(By Eddie Hyatt) New Testament prophecy has its roots in Old Testament prophetic ministry. In the Old Testament, God raised up certain individuals to be His mouthpiece and speak His heart and mind to the people of Israel. These individuals were known by the Hebrew word nabi, which the Greek Septuagint translated as prophetes, and our English Bibles translates as “prophet.” They were not fortune tellers. Their purpose was not to satisfy human curiosity to know the future. Their purpose was to speak the heart and mind of God to the people. In carrying out their assignments of speaking God’s word, their prophecies at times revealed future events, but that was not their purpose.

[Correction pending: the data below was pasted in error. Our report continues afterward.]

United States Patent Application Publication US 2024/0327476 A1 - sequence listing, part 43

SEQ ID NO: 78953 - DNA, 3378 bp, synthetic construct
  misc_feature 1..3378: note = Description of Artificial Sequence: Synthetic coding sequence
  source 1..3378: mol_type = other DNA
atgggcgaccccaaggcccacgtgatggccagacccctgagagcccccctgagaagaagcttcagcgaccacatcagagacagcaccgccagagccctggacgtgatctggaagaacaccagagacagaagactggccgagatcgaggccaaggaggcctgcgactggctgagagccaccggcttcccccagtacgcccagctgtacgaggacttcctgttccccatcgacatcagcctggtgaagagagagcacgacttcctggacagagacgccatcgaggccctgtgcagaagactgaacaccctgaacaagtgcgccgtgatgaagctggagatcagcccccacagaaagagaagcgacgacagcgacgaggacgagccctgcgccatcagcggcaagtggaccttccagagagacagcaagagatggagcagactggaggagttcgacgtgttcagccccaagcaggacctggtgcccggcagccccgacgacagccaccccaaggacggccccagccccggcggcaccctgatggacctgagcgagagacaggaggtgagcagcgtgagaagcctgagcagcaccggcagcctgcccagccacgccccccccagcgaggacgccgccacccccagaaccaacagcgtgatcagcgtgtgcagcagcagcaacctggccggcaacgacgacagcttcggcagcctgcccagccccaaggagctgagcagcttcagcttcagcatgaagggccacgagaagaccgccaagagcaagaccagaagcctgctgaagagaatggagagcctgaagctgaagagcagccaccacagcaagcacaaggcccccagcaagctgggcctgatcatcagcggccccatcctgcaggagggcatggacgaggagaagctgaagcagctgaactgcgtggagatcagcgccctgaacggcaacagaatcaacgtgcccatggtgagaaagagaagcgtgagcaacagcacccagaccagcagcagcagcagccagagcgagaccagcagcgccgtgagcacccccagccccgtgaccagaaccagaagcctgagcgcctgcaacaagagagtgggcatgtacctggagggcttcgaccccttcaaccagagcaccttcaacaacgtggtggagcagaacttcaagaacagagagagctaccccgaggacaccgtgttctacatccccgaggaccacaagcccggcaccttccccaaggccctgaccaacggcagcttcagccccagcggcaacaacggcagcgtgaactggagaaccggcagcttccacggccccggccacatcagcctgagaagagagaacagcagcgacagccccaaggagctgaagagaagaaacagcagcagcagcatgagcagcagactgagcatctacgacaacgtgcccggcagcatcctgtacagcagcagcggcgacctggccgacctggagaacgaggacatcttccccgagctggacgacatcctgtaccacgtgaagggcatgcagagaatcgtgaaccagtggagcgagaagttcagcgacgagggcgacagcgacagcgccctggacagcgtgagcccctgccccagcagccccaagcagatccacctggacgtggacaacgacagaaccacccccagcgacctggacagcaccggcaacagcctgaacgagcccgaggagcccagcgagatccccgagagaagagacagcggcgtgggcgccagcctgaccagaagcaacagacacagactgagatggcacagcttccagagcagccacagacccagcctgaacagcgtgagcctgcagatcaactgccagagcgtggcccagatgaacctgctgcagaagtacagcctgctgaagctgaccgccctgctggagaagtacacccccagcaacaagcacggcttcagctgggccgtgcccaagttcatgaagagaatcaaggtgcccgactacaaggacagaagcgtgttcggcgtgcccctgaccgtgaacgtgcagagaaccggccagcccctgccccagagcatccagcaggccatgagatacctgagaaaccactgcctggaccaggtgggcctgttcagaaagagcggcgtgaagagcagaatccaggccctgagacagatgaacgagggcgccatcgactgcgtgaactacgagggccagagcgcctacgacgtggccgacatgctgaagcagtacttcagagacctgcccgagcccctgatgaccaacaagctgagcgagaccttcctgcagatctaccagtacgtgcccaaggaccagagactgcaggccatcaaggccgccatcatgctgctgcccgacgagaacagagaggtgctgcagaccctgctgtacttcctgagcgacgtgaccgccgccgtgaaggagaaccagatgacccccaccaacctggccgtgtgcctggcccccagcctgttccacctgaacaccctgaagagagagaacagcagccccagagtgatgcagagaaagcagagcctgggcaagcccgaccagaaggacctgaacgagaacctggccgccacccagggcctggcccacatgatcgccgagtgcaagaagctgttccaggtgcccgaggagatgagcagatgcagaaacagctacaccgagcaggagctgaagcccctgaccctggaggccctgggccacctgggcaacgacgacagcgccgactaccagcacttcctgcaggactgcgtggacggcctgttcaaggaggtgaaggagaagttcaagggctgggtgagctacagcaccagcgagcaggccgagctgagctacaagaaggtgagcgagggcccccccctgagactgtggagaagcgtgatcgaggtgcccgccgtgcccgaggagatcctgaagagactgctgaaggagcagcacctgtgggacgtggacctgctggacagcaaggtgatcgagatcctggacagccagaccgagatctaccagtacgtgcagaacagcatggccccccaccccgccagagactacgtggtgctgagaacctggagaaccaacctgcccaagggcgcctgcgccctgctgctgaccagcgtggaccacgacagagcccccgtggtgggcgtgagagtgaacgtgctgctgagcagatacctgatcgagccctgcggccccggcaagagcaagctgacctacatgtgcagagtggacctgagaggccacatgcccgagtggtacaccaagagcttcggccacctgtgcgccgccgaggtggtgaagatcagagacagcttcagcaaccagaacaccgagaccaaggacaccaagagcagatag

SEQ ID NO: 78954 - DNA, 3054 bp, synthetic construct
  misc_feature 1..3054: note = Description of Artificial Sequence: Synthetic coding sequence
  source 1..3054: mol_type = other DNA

The nabi did not choose this prophetic vocation, but it was given to them by God. This is obvious in the answer of Amos to King Amaziah, who had ordered him out of Bethel and commanded him to never prophesy there again. To emphasize that his prophetic calling was not of his own choosing, Amos replied: “I am no prophet, and I am no prophet’s disciple. Rather, I am a herdsman and a dresser of sycamore trees. But the Lord took me away from the flock, and the Lord said to me, ‘Go, prophesy to My people Israel'” (Amos 7:14-15). READ MORE